Friday, January 3, 2014

HOMILY, ST. JOHN’S DAY St. John’s Convent, December 27, 2013

Exodus 33.18-23; Psalm 92.1-2, 11-14; 1 John 1.1-9; Luke 5.1-11
In the name of God, for the love of God, to the glory of God. Amen.

When I was living in Minneapolis back in the late 1960s, I had a friend who earned her bread and butter working as a graphic artist but at heart she was an abstract oil painter. She was captivted by light and colour and form. She gave me one of her paintings, a large one about 4 feet high by 2 feet wide – abstract of course, with a lot of blues and oranges and dynamic form and movement. I asked her if it had a title and she called it “The Kansas City Zoo.” Now there was absolutely nothing about that painting that would make you think it was depicting a zoo. But that painting graced my living room wall in three cities I lived in, and it was really important to me. You see, Jane was a mentor to me. She taught me how to see colour, how to see light in a new way.

One time when I was still living in Minneapolis, Jane and I made a car trip to a ski resort in northern Minnesota called Lutsen, not far south of the Ontario border and what was then the twin towns of Port Arthur and Fort Henry (now Thunder Bay). Everything was still deep in snow, and if I hadn’t been travelling with Jane I would have seen nothing but boring brown and white the whole trip. But on the way up to Lutsen Jane would say things like “look at those beautiful red berries on the side of the road” or “I just love the amazing subtle shades of brown and grey in the forest” or “the snow is brilliantly blue in the sunlight” or “see how the light just dances off the snow,” and so on. That trip was literally an eye-opening experience for me – I felt as if I had been blind before, and now I could see colours and shades and hues and textures everywhere. Nature came alive to me in the dead of late winter.

I expect all of us have had experiences that we would call eye-opening. Maybe not about colour and light the way I did with my friend Jane. But we have all had mentors who have helped us to see in a new way.

And that is what our Patron St. John has been for me. He has helped me to see the light and beauty in the face of Jesus, in the face of my sisters and others that I am privileged to know through this wonderful life that we live. And I want to reflect on that for a few minutes in connection with the readings we have just heard.

In the reading from Exodus, Moses asks to see the glory of God – the light of God. But he is granted only to see God from the back, because just as on Mount Sinai, seeing the face of God would have blinded him.

In our gospel reading today John is given a more direct gift of sight. Because he has met God in the person of Jesus he can look upon the glory of God, the light of God, in a way that Moses never could. Jesus, his friend, showed John the glory of God – and that glory was what must have called John, along with his brother James and their friends Andrew and Peter, to leave their fishing and respond to Jesus’ invitation to “catch people.” They were first drawn into a relationship with Jesus in fellowship and teaching and prayer. Out of that relationship came their life mission – to share with others the beauty, the love and glory of God as they saw it in the face of Jesus.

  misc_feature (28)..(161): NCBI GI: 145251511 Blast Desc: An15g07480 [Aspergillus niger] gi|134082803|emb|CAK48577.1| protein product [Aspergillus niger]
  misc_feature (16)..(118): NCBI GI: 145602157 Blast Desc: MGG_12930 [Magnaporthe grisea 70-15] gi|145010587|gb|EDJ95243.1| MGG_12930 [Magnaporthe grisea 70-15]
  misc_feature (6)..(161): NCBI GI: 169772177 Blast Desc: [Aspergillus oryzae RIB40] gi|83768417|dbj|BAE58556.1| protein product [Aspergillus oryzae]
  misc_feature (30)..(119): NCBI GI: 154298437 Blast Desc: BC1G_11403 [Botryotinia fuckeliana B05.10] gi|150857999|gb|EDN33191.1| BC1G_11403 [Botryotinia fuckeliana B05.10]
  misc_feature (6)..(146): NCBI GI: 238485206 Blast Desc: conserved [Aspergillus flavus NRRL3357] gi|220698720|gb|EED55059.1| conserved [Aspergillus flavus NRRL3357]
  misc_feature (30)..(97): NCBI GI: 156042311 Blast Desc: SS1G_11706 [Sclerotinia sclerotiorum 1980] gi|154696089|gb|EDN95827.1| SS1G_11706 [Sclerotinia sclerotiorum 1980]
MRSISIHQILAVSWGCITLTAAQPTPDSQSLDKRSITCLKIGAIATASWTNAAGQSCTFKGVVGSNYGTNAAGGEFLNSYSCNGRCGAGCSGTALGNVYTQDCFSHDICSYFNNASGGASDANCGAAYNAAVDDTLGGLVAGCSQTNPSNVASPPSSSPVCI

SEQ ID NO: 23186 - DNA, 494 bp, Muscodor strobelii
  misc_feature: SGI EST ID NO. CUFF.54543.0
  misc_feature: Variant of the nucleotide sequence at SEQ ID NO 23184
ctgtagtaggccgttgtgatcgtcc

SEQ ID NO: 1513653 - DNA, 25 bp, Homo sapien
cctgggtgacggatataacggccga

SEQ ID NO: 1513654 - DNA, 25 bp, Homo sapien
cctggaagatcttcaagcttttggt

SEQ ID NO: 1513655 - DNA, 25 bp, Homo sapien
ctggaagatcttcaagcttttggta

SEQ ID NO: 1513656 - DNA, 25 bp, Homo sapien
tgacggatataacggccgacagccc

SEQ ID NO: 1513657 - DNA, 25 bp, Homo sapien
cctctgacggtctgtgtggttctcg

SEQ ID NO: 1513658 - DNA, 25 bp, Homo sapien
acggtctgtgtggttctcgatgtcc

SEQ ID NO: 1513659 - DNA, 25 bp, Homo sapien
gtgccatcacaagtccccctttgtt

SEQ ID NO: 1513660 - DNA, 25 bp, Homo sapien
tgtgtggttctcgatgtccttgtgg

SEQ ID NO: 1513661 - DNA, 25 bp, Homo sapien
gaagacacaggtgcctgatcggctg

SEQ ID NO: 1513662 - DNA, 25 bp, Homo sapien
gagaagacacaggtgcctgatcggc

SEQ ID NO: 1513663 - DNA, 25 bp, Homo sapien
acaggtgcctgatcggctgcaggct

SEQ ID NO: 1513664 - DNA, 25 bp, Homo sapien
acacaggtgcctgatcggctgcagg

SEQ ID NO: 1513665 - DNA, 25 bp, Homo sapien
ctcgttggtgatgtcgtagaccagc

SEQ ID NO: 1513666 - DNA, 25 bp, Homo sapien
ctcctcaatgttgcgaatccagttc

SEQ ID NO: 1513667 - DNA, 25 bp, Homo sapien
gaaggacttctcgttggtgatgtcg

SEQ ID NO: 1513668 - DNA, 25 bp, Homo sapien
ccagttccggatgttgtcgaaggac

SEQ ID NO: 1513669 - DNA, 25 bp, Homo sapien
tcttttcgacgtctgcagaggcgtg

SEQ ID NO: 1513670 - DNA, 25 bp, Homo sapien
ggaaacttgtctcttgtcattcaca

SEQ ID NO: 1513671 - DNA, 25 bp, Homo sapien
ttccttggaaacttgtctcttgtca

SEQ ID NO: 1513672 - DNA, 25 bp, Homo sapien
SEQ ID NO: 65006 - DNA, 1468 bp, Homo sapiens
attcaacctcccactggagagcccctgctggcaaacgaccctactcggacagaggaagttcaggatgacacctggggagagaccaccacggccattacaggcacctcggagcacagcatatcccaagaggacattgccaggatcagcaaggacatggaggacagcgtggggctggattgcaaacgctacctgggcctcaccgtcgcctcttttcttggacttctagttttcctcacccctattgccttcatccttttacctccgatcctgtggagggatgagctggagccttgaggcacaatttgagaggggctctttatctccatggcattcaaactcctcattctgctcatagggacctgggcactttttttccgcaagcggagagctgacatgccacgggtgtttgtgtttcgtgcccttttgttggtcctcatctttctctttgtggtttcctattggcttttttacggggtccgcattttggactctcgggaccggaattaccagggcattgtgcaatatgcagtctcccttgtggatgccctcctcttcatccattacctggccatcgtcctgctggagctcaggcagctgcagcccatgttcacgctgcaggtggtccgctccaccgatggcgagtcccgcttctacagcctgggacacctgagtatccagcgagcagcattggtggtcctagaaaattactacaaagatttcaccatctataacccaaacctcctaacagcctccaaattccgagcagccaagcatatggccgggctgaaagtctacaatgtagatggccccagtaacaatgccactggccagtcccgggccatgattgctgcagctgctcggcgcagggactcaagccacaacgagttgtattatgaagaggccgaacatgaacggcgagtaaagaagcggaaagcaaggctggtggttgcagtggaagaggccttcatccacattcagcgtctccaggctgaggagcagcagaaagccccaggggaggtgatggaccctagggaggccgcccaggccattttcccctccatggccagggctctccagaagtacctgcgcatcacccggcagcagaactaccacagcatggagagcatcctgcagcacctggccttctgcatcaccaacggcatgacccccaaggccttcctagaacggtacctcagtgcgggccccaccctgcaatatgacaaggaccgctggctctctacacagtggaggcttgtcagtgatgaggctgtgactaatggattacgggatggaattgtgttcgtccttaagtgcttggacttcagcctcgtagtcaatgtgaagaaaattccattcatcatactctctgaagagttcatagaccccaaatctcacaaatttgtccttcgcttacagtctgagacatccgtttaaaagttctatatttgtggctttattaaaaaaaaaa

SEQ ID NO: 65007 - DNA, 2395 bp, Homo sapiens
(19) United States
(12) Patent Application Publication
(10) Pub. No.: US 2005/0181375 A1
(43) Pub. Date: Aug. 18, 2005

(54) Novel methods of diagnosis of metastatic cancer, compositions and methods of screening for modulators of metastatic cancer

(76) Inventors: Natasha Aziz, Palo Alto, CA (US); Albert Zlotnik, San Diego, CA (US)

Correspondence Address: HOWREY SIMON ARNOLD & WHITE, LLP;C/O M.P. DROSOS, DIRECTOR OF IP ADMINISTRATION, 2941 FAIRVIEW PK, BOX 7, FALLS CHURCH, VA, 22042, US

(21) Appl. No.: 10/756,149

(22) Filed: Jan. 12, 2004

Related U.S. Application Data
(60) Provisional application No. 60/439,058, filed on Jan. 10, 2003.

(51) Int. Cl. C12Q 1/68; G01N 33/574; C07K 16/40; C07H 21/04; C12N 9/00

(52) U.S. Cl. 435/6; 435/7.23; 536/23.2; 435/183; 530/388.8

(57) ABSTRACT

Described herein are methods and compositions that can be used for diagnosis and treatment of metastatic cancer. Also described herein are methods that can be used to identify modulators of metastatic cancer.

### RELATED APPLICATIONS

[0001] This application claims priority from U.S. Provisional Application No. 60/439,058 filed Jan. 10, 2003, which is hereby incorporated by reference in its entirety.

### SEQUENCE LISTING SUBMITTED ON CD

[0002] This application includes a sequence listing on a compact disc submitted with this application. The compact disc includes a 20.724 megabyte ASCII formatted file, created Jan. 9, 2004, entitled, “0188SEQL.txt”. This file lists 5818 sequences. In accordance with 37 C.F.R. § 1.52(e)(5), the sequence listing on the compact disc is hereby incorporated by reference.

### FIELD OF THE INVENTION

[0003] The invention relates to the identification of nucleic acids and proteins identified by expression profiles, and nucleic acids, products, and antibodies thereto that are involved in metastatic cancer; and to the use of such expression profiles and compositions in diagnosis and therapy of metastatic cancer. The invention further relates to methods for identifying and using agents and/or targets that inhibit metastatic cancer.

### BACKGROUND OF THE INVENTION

In the first letter of John, we hear these beautiful words: “We declare to you what was from the beginning, what we have heard, what we have seen with our eyes, what we have looked at and touched with our hands concerning the word of life. . . . this is the message we have heard from him (that is, from Jesus) and proclaim to you, that God is light and in him there is no darkness at all.”

There is no darkness at all. Even in the midst of personal pain and grief, even in war zones, even in the midst of widespread power failures in our city, in the cold and the dark, the light of God shines through as we share that light with each other. This past week is a good example – the beauty and glory and love of God were seen everywhere – in neighbours helping each other, in churches opening their doors as warming centers and church members going door to door in their neighbourhoods checking on the elderly who might be cold and alone, in people gathered around the fireplace in one room, seeing family in the light of the fire in a way they never could watching TV or sitting in their own rooms doing their own thing on their electronic devices. And we saw it here over Christmas, with those who were finally able to come for the Christmas retreat, in the faces of those who joined us for Christmas dinner, in the light and joy on the faces of those who would otherwise have been alone.

There is a pattern here that we see wherever the love of God touches people, whether they
Sister Constance Joanna
are aware that it comes from God or not – like Moses who was called the friend of God, and like John the beloved disciple, we are first called into a relationship of love, and we are then sent out to share that love.

The message of the scripture readings today is that the light and glory and love of God is so brilliant that we have to share it. We can’t keep it for ourselves. We can’t focus on our own comfort and safety. The glory of God spreads when it is shared. That is what friends and mentors do for each other. That is what neighbours do in a crisis. That is what John did when he left his fishing and went around with Jesus, spreading the glory. And that is our own mission as a Sisterhood.

This is the message we have heard from him and proclaim to you, that God is light and in God there is no darkness at all.” May we help to spread that message, that light, and that glory.